gms | German Medical Science

49. Jahrestagung der Deutschen Gesellschaft für Medizinische Informatik, Biometrie und Epidemiologie (gmds)
19. Jahrestagung der Schweizerischen Gesellschaft für Medizinische Informatik (SGMI)
Jahrestagung 2004 des Arbeitskreises Medizinische Informatik (ÖAKMI)

Deutsche Gesellschaft für Medizinische Informatik, Biometrie und Epidemiologie
Schweizerische Gesellschaft für Medizinische Informatik (SGMI)

26. bis 30.09.2004, Innsbruck/Tirol

The use of a PDMS for an immediate indication of nutrition status in an intensive care unit

Meeting Abstract (gmds2004)

  • corresponding author presenting/speaker Joachim Steinwendner - Department of Anaesthesiology, perioperative Medicine and Intensive Care Medicine, Paracelsus Private Medical University Hospital, Salzburg, Österreich
  • A Pobatschnig - Department of Anaesthesiology, perioperative Medicine and Intensive Care Medicine, Paracelsus Private Medical University Hospital, Salzburg, Österreich
  • A Zimmermann - Department of Anaesthesiology, perioperative Medicine and Intensive Care Medicine, Paracelsus Private Medical University Hospital, Salzburg, Österreich

Kooperative Versorgung - Vernetzte Forschung - Ubiquitäre Information. 49. Jahrestagung der Deutschen Gesellschaft für Medizinische Informatik, Biometrie und Epidemiologie (gmds), 19. Jahrestagung der Schweizerischen Gesellschaft für Medizinische Informatik (SGMI) und Jahrestagung 2004 des Arbeitskreises Medizinische Informatik (ÖAKMI) der Österreichischen Computer Gesellschaft (OCG) und der Österreichischen Gesellschaft für Biomedizinische Technik (ÖGBMT). Innsbruck, 26.-30.09.2004. Düsseldorf, Köln: German Medical Science; 2004. Doc04gmds324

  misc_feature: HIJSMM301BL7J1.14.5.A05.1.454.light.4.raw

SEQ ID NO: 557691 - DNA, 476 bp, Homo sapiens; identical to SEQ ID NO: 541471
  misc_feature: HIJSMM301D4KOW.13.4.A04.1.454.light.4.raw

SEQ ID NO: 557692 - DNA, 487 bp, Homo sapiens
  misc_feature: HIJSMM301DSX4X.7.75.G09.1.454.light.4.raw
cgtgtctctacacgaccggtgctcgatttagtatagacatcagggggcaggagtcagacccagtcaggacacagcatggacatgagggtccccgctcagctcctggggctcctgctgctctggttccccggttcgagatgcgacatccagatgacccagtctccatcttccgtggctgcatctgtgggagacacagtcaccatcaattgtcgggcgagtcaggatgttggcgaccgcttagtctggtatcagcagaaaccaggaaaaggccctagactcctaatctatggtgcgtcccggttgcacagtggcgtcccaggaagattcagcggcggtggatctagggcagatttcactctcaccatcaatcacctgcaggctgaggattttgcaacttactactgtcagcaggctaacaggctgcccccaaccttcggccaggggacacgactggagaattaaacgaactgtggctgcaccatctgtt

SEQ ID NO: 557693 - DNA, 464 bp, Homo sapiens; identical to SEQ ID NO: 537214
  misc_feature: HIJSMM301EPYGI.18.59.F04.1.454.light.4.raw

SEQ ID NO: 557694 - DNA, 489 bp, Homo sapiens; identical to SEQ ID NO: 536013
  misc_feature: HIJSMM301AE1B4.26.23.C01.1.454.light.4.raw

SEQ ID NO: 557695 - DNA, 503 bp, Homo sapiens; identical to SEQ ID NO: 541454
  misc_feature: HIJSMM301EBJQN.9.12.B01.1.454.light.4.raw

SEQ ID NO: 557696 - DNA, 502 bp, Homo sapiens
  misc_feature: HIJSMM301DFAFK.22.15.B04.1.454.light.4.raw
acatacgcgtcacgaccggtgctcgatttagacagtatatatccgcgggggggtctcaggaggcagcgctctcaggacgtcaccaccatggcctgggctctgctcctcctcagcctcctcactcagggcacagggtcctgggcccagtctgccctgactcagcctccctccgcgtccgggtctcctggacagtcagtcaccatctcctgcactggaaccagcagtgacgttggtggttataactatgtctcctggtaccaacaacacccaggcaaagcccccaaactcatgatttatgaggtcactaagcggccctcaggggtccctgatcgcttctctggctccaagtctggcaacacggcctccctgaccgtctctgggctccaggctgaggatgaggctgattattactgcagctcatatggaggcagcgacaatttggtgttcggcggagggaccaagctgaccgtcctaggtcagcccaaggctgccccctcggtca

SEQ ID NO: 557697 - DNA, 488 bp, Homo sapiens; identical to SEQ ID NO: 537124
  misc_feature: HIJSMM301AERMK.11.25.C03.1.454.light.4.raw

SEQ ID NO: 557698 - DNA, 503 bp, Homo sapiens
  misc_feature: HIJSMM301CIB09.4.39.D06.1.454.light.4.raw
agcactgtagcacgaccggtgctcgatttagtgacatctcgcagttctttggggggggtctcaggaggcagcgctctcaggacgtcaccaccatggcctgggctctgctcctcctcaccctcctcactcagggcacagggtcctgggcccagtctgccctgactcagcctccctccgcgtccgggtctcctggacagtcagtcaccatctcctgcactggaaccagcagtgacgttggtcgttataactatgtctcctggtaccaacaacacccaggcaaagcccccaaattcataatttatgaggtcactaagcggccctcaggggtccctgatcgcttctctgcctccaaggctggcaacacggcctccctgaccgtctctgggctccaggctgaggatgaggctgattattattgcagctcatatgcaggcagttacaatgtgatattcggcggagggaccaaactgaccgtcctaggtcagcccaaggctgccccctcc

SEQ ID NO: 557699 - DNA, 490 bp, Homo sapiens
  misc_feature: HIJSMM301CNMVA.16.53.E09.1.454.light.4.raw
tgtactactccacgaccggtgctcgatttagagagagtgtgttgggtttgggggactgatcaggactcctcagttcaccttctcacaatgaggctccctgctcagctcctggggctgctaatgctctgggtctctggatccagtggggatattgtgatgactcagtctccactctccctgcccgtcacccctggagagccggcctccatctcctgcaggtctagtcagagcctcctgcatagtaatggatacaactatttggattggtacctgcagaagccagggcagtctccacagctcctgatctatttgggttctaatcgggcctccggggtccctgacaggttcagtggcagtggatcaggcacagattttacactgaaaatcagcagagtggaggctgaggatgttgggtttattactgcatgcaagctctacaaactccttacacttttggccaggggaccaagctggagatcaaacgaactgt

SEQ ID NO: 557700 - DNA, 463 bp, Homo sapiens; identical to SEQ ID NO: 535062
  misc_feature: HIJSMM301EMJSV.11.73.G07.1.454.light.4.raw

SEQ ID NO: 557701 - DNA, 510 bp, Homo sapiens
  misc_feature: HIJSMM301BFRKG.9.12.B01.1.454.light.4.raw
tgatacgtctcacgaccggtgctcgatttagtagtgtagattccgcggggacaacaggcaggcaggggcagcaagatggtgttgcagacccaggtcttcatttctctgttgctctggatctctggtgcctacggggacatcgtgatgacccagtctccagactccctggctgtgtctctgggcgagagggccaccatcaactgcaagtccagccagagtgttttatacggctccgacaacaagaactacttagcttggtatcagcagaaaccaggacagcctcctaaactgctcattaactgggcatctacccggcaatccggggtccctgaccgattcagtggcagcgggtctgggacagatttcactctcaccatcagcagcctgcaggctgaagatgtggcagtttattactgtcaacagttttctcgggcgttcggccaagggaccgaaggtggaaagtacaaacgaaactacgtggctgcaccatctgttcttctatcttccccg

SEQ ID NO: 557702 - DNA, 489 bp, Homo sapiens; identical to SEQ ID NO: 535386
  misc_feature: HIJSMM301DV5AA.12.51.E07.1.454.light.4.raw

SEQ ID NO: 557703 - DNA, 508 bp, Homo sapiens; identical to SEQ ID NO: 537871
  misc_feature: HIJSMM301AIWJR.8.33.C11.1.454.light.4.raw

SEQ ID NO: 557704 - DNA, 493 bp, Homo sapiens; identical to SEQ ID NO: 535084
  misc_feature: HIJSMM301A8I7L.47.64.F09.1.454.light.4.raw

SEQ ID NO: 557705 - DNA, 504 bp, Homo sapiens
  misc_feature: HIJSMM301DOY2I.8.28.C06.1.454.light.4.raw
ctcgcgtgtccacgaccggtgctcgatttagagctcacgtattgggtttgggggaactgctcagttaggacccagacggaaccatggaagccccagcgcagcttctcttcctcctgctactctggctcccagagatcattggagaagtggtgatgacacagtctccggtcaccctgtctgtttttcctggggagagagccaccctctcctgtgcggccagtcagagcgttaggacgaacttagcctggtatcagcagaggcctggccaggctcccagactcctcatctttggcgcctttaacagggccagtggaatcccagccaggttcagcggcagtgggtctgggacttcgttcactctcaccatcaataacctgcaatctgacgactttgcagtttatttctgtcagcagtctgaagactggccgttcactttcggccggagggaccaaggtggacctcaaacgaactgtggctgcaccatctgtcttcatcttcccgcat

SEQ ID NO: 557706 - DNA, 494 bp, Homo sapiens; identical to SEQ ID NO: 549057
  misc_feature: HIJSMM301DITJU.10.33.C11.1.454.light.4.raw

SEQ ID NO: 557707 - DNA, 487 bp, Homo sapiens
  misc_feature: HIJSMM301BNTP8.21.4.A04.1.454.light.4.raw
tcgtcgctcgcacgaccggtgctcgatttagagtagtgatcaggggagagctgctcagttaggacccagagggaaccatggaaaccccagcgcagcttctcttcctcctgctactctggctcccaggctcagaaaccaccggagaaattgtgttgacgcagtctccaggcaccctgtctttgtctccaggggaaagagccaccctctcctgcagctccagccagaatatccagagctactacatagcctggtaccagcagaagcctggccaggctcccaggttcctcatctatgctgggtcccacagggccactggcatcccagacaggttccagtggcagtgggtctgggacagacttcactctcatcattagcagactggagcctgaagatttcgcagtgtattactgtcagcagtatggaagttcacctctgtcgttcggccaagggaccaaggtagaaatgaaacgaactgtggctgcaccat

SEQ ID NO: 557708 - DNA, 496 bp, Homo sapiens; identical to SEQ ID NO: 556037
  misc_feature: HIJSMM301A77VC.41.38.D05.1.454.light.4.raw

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Veröffentlicht: 14. September 2004

© 2004 Steinwendner et al.
Dieser Artikel ist ein Open Access-Artikel und steht unter den Creative Commons Lizenzbedingungen (http://creativecommons.org/licenses/by-nc-nd/3.0/deed.de). Er darf vervielf&aauml;ltigt, verbreitet und &oauml;ffentlich zug&aauml;nglich gemacht werden, vorausgesetzt dass Autor und Quelle genannt werden.


Gliederung

Text

Introduction

The determination of the nutrition status and decision for a nutrition therapy in an intensive care unit requires a multitude of indicators and calculations (lab findings, patient status, enteral or parenteral nutrition, energy supply, excretion, etc.). As a result the ward round is often considerably delayed since the information is distributed on various documentation pages, or the importance of nutrition is often neglected by resorting to patient-independent feeding standards. The goal of this work is to include all the relevant parameters as well as the latest insights in intensive care nutrition [1], [2] in a patient data management system (PDMS) to enable a quick and reliable nutrition overview for the attending practitioner, nurses and dieticians. This approach results in an optimal feeding of intensive care patients and effective time usage per ward round.

Methods

At the intensive care unit of the department of anaesthesiology, perioperative medicine and intensive care medicine, Salzburg, the PDMS, quantitative sentinel (QS) from General Electric [3], is in use. This system allows a flexible configuration to the requirements of an intensive care unit.